Director: Emmett Alston
Writer: Emmett Alston
Producer: Ashok Amritraj
Cast: Sho Kosugi, Brent Huff, Emilia Crow, Blackie Dammett, Regina Richardson, Vijay Amritraj, Lisa Friedman, Kane Kosugi, Shane Kosugi, Bruce Fanger, Sonny Erang, Ken Watanabe
Running Time: 94 min.
By Jeff Bona
After a string of successful martial arts films (Enter the Ninja, Revenge of the Ninja and Ninja III: The Domination) for The Cannon Film Group, Sho Kosugi, the main face of the 80s phenomenon known as the “ninja craze,” hooked up with Crown International Pictures to make the campy cult classic, 9 Deaths of the Ninja.
Just like The Cannon Film Group, Crown International Pictures was primarily known for their exploitation film output. Crown, however, was a lot more “independent” than Cannon; meaning, their films were a few notches up in the B movie department (or would that be a few notches down?). With titles like Orgy of the Dead (1965), Blood Mania (1970) and Galaxina (1980) in Crown’s catalogue, it’s easy to see why 9 Deaths of the Ninja is closer to “drive-in” territory than his previous films.
The backstory to 9 Deaths of the Ninja is an interesting one. In 1981, Emmett Alston, a filmmaker known for New Year’s Evil (1980), was tapped to direct Cannon’s Enter the Ninja, but barely into production, Alston – along with the Enter the Ninja’s original star, karate expert Mike Stone – was fired by producer Menahem Golan, who took over directing duties, leaving Alston deranked to second unit director. Stone’s termination was for his lack of any decent acting ability (he was replaced by Django’s Franc Nero), yet he remained on the project as the film’s advisor and stuntman. Alston’s demotion is a mystery, but judging from Golan’s reputation for being an extreme “control freak,” creative differences undoubtedly played a factor.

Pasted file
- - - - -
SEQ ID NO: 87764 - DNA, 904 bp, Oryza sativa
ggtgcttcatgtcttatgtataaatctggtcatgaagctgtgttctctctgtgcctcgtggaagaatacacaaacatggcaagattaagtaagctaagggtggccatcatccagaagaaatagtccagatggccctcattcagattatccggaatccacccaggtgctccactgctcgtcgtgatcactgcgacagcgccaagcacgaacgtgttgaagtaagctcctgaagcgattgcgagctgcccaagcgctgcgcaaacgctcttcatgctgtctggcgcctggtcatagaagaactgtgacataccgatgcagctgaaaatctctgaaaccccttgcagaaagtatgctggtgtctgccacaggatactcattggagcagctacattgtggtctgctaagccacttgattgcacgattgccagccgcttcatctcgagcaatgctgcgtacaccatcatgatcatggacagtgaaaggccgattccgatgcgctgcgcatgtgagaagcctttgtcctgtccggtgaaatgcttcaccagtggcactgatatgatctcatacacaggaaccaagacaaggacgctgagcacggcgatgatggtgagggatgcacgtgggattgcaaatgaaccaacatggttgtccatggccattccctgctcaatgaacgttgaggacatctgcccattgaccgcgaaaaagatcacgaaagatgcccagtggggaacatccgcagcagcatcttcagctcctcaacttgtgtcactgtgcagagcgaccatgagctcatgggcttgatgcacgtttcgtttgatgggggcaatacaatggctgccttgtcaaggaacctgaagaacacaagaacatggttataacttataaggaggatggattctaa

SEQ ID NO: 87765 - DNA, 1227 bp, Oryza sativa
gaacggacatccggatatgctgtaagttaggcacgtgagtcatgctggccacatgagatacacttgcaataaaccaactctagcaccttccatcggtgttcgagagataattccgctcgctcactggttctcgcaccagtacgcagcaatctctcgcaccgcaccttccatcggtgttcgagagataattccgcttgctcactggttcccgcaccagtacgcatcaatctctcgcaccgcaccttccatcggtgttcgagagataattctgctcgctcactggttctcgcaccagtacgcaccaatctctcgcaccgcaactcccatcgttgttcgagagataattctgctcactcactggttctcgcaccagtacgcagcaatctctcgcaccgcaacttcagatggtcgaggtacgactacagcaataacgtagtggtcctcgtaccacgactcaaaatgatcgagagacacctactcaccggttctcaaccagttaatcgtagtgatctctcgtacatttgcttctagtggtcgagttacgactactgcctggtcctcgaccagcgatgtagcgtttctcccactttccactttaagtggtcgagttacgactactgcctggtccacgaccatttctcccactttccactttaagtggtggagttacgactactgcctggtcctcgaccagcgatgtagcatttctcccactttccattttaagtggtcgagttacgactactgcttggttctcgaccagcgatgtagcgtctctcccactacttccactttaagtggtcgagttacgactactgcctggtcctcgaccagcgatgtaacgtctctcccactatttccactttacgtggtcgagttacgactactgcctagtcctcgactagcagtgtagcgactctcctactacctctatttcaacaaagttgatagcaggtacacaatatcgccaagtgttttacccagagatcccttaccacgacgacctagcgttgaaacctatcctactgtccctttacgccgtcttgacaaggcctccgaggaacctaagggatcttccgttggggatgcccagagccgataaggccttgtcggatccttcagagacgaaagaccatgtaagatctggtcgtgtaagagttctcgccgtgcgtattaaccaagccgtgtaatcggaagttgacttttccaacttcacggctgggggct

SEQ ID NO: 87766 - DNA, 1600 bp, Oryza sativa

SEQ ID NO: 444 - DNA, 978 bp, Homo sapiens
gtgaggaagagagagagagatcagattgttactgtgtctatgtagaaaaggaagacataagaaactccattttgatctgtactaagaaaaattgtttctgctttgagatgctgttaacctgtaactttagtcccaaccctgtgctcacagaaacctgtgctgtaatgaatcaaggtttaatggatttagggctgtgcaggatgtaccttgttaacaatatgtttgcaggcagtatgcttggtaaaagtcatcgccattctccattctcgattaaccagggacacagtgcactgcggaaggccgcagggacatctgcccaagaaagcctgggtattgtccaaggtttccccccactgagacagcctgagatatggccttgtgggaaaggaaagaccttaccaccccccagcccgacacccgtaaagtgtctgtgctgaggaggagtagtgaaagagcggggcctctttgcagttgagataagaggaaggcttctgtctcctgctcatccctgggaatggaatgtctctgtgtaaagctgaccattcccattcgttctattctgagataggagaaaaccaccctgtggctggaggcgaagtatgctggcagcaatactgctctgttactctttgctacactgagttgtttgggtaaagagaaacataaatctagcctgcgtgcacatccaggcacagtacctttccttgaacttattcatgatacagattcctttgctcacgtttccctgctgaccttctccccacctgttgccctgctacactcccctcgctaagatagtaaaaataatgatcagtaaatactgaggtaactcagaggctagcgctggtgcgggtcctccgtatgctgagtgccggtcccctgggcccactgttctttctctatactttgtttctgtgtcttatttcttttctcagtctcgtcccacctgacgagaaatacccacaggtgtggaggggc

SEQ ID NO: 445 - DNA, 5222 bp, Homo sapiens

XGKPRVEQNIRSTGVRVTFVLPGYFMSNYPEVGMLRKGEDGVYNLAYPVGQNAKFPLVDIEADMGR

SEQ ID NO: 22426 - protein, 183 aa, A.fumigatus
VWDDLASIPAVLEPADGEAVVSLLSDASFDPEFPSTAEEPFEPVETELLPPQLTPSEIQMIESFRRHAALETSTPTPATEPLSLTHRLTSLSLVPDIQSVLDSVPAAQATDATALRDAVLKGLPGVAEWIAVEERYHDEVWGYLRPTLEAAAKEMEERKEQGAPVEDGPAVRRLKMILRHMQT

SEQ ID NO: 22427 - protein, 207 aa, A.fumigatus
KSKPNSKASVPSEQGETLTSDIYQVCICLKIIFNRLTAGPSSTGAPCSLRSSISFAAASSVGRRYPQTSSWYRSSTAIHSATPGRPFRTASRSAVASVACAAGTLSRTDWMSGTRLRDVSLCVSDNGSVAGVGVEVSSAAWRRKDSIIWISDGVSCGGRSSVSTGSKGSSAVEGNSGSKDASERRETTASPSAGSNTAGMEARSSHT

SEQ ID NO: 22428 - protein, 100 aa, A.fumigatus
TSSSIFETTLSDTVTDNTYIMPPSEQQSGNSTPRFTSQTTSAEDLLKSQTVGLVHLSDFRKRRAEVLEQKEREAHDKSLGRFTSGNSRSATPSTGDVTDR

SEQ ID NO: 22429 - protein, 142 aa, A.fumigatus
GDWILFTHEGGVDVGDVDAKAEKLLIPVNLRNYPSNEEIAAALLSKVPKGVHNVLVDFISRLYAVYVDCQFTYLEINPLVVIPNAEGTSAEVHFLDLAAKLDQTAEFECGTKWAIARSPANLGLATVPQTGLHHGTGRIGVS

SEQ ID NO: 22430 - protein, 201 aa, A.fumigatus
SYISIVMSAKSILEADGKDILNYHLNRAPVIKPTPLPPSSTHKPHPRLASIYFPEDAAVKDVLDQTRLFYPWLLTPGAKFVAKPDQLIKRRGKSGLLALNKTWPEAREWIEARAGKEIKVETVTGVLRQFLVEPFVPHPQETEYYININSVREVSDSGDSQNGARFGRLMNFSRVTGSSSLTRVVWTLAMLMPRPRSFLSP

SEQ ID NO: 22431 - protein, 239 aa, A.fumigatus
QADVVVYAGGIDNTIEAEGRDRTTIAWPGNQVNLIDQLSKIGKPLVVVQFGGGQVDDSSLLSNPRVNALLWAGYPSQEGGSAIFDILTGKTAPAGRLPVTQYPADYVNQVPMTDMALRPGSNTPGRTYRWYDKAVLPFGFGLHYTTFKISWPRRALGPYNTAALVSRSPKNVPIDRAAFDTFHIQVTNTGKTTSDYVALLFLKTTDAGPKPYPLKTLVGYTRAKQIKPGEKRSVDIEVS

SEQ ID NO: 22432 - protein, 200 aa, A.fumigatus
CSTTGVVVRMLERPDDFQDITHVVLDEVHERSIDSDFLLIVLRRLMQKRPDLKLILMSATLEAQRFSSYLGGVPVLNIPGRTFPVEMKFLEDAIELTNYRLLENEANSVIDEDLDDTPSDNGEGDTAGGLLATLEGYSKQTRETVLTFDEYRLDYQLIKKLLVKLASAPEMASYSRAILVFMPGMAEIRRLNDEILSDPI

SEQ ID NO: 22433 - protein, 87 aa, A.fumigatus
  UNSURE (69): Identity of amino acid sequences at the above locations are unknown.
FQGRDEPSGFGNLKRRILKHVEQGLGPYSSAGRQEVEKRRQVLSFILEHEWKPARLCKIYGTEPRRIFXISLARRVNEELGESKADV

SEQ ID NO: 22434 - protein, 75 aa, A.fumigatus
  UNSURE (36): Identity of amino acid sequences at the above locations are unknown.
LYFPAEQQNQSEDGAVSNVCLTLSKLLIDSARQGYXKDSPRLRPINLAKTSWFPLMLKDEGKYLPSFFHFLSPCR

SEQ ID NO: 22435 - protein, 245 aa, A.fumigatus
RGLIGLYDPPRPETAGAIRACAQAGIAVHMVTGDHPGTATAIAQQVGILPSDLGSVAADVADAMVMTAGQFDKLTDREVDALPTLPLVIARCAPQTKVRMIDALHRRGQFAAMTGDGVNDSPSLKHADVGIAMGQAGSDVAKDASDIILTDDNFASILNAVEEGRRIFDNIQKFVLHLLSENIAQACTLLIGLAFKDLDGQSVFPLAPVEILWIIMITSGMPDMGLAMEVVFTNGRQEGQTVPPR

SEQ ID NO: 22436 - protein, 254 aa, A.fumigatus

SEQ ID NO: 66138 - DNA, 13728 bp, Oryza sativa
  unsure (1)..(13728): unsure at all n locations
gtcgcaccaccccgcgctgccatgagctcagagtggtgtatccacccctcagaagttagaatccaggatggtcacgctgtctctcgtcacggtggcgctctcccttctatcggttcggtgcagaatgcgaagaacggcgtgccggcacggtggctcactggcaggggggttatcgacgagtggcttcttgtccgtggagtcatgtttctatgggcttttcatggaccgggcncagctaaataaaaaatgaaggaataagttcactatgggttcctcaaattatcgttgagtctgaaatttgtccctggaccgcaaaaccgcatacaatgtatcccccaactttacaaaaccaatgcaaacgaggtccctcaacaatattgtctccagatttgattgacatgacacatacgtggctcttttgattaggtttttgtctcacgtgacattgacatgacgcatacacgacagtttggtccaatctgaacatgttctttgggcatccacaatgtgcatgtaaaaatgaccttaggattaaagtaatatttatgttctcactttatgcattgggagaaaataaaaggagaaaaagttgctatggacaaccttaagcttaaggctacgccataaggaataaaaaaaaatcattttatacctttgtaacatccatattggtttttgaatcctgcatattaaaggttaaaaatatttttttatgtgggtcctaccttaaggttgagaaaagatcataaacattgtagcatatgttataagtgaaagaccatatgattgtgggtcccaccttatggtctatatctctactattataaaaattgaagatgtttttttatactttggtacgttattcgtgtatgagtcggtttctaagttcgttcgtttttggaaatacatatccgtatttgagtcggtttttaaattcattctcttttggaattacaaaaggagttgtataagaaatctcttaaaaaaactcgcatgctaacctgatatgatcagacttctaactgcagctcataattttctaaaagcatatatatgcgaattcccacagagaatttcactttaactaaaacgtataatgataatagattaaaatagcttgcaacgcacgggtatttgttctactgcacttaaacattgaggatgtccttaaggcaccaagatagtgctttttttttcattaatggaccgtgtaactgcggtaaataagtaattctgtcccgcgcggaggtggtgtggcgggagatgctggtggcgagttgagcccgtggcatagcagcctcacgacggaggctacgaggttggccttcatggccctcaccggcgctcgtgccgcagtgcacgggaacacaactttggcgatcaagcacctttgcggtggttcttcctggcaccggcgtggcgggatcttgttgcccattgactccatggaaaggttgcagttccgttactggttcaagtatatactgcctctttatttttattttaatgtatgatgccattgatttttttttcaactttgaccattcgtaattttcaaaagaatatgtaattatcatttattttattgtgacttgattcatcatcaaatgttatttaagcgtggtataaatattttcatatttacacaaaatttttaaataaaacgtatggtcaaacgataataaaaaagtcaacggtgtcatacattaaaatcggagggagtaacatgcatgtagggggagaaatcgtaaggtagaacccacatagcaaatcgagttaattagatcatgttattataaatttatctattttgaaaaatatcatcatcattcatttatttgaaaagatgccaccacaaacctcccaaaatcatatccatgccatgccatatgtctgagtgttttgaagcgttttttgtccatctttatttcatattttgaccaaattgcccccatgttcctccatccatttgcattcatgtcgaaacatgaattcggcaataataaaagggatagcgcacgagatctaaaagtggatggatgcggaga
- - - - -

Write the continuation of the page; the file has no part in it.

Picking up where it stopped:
4 years later, Alston would find ninja retribution with 9 Deaths of the Ninja, a film he not only directed, but also wrote. In addition, he – along with prolific producer Ashok Amritraj (Double Impact) – secured a deal with the ultimate ninja actor himself, Sho Kosugi. Oddly enough, Cannon’s Golan and Yoram Globus served as executive producers, which may explain Kosugi’s involvement. Whatever the case, this was Alston’s movie and he was determined to make it the way he wanted to, which is exactly what he did.
9 Deaths of the Ninja follows the adventures of Spike Shinobi (Kosugi), Steve Gordon (Brent Huff) and Jennifer Barnes (Emilia Crow); a trio of secret service agents who are sent on a mission to the Philippines to rescue a group of American hostages (amongst them, Kosugi’s real-life children, Kane and Shane) by a bunch of goofball terrorists, headed by Alby the Cruel (Blackie Dammett) and Honey Hump (Regina Richardson).
9 Deaths of the Ninja is certainly the red-headed stepchild in Kosugi’s filmography. Even Kosugi himself fails to mention its existence in interviews, which is a damn shame, because it’s arguably his most entertaining feature when viewed from a “so bad, it’s good” perspective.